"Today was library day and I got a chapter book. I'm already on chapter 8," Natalie's friend told me proudly.
I looked at Natalie, who was weirdly sticking a piece of lettuce from her sandwich against her nose. "What book did you get, sweetie?" I asked.
"A picture book about cats! I like the orange ones because they're like OUR cat," Natalie answered, nibbling on the lettuce that refused to stay on her nose.
I sighed inwardly. I wished Natalie would read chapter books. But she's...she's...what in the world was she doing with the mayonnaise on her sandwich?
"Natalie, it's not nail polish, let's stop," I suggested.
I was having lunch with Natalie. And Natalie always has to include her friends too. I was busy learning about the second grade gossip: apparently someone had burped that morning.
"Mommy," Natalie said, digging through her Subway bag. I brought her a Kid's Meal. "Mommy, you forgot my apples. Why did you get me this cookie?"
Oops. When the Subway worker asked what side I wanted, I said a cookie, because I love cookies, and I assume the people that came from my body love them too. But I always forget Natalie isn't a fan of cookies. She loves apples. Sometimes I worry she's going to turn into a giant apple.
"I'm sorry. But I got you a sugar cookie. It's delicious." With my own meal, I picked the two cookies as my side. Gingerbread and chocolate chip. I had already polished off the gingerbread. I sort of had to. Natalie's friend kept staring at me as if she was hoping that I'd offer her a bite. But no way, she's not mine, I don't have to share.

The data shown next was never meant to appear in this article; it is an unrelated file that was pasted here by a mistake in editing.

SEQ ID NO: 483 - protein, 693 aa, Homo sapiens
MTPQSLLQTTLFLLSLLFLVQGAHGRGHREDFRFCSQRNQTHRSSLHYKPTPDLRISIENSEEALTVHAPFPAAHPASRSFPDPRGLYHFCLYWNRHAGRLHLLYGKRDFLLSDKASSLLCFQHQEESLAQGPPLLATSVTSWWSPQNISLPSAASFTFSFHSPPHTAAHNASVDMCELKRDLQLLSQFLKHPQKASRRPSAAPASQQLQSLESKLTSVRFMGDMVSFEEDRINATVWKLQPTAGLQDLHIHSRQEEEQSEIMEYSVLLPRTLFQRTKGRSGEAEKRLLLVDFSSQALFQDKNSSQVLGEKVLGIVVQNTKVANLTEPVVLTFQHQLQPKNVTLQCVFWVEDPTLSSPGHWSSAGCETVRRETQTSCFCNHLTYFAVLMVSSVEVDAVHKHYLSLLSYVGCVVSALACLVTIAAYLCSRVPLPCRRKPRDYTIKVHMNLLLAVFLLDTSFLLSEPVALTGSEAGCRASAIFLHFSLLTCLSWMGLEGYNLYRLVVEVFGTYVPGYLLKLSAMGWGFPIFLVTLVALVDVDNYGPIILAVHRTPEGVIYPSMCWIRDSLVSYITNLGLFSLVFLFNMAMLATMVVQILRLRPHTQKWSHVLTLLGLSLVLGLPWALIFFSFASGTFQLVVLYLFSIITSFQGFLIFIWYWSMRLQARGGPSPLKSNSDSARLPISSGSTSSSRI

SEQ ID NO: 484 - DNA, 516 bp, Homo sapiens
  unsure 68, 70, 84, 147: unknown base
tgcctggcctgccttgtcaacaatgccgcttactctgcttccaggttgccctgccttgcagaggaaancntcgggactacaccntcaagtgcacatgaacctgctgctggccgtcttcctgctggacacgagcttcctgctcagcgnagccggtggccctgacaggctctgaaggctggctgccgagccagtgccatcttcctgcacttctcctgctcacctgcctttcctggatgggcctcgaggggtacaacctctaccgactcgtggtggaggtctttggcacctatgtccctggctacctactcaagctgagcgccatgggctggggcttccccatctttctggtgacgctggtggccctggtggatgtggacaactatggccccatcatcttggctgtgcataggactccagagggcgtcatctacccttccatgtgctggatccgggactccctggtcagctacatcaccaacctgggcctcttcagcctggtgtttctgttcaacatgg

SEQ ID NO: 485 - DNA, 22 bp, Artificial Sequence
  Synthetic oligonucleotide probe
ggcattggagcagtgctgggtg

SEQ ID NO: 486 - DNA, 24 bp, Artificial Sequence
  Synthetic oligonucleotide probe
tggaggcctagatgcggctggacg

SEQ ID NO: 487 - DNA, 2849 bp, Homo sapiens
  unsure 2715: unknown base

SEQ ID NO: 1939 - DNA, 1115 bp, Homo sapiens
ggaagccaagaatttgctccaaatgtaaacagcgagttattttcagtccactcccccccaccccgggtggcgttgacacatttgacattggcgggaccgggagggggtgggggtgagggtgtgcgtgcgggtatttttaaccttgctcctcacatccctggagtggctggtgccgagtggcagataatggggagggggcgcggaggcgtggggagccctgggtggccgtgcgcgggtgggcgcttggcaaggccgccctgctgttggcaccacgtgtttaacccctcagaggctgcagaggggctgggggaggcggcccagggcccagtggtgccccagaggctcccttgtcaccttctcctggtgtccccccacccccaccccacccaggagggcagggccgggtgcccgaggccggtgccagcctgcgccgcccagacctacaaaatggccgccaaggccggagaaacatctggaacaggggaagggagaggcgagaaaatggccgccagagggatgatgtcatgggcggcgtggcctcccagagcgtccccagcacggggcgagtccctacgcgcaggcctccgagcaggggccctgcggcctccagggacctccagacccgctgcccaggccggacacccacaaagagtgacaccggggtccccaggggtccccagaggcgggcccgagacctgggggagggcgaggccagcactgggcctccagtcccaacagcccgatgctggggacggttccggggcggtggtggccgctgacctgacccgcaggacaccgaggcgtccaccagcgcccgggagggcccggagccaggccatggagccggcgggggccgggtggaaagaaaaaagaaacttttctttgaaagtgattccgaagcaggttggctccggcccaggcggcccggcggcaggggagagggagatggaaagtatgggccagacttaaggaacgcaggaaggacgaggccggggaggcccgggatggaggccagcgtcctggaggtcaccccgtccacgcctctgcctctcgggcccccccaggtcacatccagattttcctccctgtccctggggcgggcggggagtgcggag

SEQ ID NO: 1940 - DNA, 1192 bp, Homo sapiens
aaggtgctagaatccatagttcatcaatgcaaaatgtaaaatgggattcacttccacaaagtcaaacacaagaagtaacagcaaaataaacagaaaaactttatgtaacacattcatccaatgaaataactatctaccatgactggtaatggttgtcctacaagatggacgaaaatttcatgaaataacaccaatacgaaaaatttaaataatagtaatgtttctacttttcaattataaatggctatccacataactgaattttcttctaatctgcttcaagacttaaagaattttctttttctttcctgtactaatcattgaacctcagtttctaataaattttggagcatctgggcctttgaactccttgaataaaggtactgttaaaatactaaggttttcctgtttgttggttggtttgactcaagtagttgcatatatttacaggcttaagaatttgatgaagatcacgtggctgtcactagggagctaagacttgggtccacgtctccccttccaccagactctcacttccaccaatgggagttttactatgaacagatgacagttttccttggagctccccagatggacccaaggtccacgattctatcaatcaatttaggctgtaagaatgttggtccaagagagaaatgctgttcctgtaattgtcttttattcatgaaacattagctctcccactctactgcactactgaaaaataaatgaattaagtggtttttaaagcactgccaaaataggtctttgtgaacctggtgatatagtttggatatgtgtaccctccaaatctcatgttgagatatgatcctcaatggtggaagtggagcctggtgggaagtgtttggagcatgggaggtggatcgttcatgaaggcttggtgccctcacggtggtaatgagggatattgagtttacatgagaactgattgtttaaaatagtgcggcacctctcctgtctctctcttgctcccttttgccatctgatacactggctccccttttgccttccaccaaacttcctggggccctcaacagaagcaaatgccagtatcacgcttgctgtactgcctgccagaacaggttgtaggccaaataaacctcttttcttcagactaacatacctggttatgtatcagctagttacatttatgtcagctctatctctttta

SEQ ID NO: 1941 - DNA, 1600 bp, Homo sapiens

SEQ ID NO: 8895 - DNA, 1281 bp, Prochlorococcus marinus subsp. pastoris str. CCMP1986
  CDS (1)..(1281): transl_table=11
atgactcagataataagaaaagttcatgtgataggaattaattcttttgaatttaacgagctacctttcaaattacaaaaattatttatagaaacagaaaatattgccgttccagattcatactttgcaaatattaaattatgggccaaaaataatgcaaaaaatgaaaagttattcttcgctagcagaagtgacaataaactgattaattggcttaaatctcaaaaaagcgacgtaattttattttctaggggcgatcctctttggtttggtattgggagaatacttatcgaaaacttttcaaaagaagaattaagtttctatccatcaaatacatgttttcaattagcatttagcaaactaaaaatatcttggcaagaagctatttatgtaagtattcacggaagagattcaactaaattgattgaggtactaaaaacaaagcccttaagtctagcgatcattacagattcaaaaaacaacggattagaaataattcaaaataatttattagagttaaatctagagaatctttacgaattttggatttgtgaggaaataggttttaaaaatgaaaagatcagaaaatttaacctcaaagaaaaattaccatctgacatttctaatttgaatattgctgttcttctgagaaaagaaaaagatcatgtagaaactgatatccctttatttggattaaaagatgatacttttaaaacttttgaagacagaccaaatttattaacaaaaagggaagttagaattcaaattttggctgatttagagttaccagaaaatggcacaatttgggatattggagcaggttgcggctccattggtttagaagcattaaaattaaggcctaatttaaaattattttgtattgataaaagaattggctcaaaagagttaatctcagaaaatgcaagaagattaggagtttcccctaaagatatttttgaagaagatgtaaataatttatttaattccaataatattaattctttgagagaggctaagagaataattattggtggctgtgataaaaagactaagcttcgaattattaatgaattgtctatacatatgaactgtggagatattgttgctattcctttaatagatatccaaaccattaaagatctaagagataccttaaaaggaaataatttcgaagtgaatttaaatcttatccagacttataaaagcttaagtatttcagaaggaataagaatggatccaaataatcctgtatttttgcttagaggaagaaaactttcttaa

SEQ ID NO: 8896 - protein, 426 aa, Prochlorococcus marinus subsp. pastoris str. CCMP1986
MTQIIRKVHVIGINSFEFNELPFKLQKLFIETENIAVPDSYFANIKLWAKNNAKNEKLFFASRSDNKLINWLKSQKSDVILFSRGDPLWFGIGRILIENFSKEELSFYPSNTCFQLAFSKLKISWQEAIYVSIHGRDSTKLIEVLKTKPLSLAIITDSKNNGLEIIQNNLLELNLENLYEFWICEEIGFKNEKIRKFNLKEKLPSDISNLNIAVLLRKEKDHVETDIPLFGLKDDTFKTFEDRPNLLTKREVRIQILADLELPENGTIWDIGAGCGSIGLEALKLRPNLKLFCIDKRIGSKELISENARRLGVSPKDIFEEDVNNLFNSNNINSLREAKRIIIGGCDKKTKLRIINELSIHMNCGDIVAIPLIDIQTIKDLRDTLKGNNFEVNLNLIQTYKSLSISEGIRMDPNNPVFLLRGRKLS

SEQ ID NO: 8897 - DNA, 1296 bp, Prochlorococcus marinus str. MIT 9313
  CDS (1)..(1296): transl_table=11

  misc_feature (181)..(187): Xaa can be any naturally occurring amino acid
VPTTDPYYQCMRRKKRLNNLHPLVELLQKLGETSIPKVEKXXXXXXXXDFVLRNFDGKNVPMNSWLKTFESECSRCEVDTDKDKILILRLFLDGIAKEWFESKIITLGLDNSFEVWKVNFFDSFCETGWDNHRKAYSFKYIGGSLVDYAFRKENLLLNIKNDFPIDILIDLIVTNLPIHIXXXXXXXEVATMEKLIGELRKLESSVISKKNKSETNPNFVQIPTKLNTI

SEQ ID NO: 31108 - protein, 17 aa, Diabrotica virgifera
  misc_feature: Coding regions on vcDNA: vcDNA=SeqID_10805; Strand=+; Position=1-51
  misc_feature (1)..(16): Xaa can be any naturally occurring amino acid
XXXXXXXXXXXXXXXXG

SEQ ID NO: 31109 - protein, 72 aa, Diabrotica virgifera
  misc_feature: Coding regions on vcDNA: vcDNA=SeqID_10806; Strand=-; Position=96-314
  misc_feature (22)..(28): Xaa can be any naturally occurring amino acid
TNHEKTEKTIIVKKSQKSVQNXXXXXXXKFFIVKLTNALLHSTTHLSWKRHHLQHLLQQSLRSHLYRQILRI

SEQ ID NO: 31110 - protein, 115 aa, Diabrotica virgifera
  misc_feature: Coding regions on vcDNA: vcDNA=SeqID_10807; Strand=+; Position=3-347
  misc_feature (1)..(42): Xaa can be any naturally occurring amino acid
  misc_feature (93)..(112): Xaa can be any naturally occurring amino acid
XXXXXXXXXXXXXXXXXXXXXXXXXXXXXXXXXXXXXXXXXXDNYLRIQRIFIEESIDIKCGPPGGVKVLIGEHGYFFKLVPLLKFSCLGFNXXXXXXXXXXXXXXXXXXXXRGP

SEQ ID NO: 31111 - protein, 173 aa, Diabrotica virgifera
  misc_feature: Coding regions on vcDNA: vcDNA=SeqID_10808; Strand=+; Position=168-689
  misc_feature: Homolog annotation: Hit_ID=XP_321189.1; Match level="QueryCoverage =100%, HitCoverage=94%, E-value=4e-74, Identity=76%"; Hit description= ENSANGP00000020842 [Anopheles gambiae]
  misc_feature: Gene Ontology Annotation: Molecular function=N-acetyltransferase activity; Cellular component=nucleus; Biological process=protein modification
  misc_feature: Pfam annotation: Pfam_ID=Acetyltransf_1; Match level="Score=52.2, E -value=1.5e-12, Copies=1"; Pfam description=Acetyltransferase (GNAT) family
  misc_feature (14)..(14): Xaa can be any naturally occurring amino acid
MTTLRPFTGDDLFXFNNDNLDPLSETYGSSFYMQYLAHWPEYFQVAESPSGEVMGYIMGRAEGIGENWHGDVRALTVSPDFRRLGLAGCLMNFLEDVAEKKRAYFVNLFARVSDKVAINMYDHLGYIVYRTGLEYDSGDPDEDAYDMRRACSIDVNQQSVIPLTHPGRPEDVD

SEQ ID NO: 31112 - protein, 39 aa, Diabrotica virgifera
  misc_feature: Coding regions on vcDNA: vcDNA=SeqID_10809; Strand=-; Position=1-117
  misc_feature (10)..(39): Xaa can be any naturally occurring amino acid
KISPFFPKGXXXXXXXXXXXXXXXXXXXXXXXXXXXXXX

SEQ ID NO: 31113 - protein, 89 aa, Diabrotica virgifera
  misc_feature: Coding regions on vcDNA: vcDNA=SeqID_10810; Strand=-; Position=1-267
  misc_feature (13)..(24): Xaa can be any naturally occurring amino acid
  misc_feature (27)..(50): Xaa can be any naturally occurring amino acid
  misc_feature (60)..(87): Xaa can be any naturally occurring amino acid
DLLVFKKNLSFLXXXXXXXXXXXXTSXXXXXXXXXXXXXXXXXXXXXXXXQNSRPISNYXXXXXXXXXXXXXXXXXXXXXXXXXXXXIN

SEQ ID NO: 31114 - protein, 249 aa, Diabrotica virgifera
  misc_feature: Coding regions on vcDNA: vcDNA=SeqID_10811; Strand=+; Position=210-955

Natalie held her cookie between two fingers as if it were beneath her. "I don't want this."
Her two friends practically fell out of their chairs.
"I'll take it!" they said in unison.
"The thing we should do," Natalie said diplomatically. "Is play a game. Close your eyes."
I was amazed her friends listened. At that age I'd have been like, "I'm not closing my eyes. I don't want your old cookie anyway."
Natalie broke pieces of her cookies and set them carefully in front of her friends.
"Open," Natalie said with a smile, and her friends did, whooping as they found their treats.
"Aren't you going to have any cookie?" I asked Natalie, because there was only a little left, and I had paid to feed my child, not others.
Natalie shook her head. "Close your eyes," Natalie said again, and she rewarded her friends with the rest of the cookie.
As we ate, a lunch monitor said as she paced the rows of tables, "You're not filling my bucket."
"What bucket?" I asked. "I don't see a bucket."
"Oh, it's not a REAL bucket," Natalie's friend said matter-of-factly. "But if you bully someone, you make the bucket tip over. If you're nice, you fill it."
"What it it overfills?"
Natalie's friends blinked at me.
"A bucket?" I muttered to myself. "God, I'm old. We didn't deal with buckets when I was in school. It was like, 'hush your damn mouths' or, 'thanks for listening' when I was in school."
Eating with my daughter is always fun. I know there might come a time when she asks me not to show my face at school. But for now? Now she wants me to be with her, so I try to show up once every month.
Next time, I'll bring her apples.